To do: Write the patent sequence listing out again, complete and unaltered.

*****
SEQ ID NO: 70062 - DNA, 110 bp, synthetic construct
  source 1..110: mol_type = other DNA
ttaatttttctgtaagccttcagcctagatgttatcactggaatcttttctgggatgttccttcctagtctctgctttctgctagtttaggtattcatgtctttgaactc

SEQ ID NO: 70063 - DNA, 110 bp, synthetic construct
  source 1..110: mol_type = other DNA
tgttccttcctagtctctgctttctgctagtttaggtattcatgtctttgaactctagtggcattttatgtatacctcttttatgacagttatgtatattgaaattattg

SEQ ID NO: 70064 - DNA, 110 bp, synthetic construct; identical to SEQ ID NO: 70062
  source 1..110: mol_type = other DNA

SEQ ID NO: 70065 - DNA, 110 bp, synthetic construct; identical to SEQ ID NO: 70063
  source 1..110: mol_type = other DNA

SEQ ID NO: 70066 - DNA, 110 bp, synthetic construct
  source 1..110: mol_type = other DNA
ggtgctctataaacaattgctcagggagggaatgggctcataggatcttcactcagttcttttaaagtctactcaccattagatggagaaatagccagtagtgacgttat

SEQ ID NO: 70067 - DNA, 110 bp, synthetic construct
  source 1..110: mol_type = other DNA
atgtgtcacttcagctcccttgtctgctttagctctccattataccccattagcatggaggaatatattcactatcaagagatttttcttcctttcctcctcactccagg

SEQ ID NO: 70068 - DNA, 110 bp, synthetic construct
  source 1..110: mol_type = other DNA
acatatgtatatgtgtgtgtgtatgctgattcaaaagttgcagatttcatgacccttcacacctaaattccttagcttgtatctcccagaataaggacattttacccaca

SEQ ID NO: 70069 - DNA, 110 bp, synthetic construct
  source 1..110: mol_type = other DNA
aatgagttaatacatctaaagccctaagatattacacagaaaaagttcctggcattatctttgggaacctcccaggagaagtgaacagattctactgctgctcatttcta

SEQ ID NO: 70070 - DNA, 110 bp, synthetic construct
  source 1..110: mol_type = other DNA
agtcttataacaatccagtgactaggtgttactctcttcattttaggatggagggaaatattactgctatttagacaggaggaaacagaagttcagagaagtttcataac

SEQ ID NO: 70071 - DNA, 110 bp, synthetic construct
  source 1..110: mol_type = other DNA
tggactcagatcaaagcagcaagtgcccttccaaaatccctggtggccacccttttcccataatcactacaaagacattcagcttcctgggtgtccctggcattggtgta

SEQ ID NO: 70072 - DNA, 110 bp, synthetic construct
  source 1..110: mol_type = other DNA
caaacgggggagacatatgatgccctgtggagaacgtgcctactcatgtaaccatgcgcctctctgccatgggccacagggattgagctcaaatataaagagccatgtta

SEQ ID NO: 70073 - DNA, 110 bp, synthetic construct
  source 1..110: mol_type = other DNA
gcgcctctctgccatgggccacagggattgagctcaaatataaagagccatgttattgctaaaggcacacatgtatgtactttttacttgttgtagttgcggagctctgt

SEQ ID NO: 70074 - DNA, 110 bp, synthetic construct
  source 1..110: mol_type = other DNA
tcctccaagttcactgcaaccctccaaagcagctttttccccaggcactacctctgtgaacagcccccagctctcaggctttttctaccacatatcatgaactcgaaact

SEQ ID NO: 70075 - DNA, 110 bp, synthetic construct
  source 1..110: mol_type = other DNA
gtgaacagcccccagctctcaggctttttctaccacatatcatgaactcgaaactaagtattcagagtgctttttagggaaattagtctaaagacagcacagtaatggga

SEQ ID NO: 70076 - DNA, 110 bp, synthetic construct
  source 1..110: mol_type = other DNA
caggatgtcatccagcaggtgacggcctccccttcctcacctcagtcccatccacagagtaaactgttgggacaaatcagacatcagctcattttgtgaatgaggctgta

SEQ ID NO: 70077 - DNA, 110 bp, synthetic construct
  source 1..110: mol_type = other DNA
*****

SEQ ID NO: 70062 - DNA, 110 bp, synthetic construct
  source 1..110: mol_type = other DNA
ttaatttttctgtaagccttcagcctagatgttatcactggaatcttttctgggatgttccttcctagtctctgctttctgctagtttaggtattcatgtctttgaactc

SEQ ID NO: 70063 - DNA, 110 bp, synthetic construct
  source 1..110: mol_type = other DNA
tgttccttcctagtctctgctttctgctagtttaggtattcatgtctttgaactctagtggcattttatgtatacctcttttatgacagttatgtatattgaaattattg

SEQ ID NO: 70064 - DNA, 110 bp, synthetic construct; identical to SEQ ID NO: 70062
  source 1..110: mol_type = other DNA

SEQ ID NO: 70065 - DNA, 110 bp, synthetic construct; identical to SEQ ID NO: 70063
  source 1..110: mol_type = other DNA

SEQ ID NO: 70066 - DNA, 110 bp, synthetic construct
  source 1..110: mol_type = other DNA
ggtgctctataaacaattgctcagggagggaatgggctcataggatcttcactcagttcttttaaagtctactcaccattagatggagaaatagccagtagtgacgttat

SEQ ID NO: 70067 - DNA, 110 bp, synthetic construct
  source 1..110: mol_type = other DNA
atgtgtcacttcagctcccttgtctgctttagctctccattataccccattagcatggaggaatatattcactatcaagagatttttcttcctttcctcctcactccagg

SEQ ID NO: 70068 - DNA, 110 bp, synthetic construct
  source 1..110: mol_type = other DNA
acatatgtatatgtgtgtgtgtatgctgattcaaaagttgcagatttcatgacccttcacacctaaattccttagcttgtatctcccagaataaggacattttacccaca

SEQ ID NO: 70069 - DNA, 110 bp, synthetic construct
  source 1..110: mol_type = other DNA
aatgagttaatacatctaaagccctaagatattacacagaaaaagttcctggcattatctttgggaacctcccaggagaagtgaacagattctactgctgctcatttcta

SEQ ID NO: 70070 - DNA, 110 bp, synthetic construct
  source 1..110: mol_type = other DNA
agtcttataacaatccagtgactaggtgttactctcttcattttaggatggagggaaatattactgctatttagacaggaggaaacagaagttcagagaagtttcataac

SEQ ID NO: 70071 - DNA, 110 bp, synthetic construct
  source 1..110: mol_type = other DNA
tggactcagatcaaagcagcaagtgcccttccaaaatccctggtggccacccttttcccataatcactacaaagacattcagcttcctgggtgtccctggcattggtgta

SEQ ID NO: 70072 - DNA, 110 bp, synthetic construct
  source 1..110: mol_type = other DNA
caaacgggggagacatatgatgccctgtggagaacgtgcctactcatgtaaccatgcgcctctctgccatgggccacagggattgagctcaaatataaagagccatgtta

SEQ ID NO: 70073 - DNA, 110 bp, synthetic construct
  source 1..110: mol_type = other DNA
gcgcctctctgccatgggccacagggattgagctcaaatataaagagccatgttattgctaaaggcacacatgtatgtactttttacttgttgtagttgcggagctctgt

SEQ ID NO: 70074 - DNA, 110 bp, synthetic construct
  source 1..110: mol_type = other DNA
tcctccaagttcactgcaaccctccaaagcagctttttccccaggcactacctctgtgaacagcccccagctctcaggctttttctaccacatatcatgaactcgaaact

SEQ ID NO: 70075 - DNA, 110 bp, synthetic construct
  source 1..110: mol_type = other DNA
gtgaacagcccccagctctcaggctttttctaccacatatcatgaactcgaaactaagtattcagagtgctttttagggaaattagtctaaagacagcacagtaatggga

SEQ ID NO: 70076 - DNA, 110 bp, synthetic construct
  source 1..110: mol_type = other DNA
caggatgtcatccagcaggtgacggcctccccttcctcacctcagtcccatccacagagtaaactgttgggacaaatcagacatcagctcattttgtgaatgaggctgta

SEQ ID NO: 70077 - DNA, 110 bp, synthetic construct
  source 1..110: mol_type = other DNA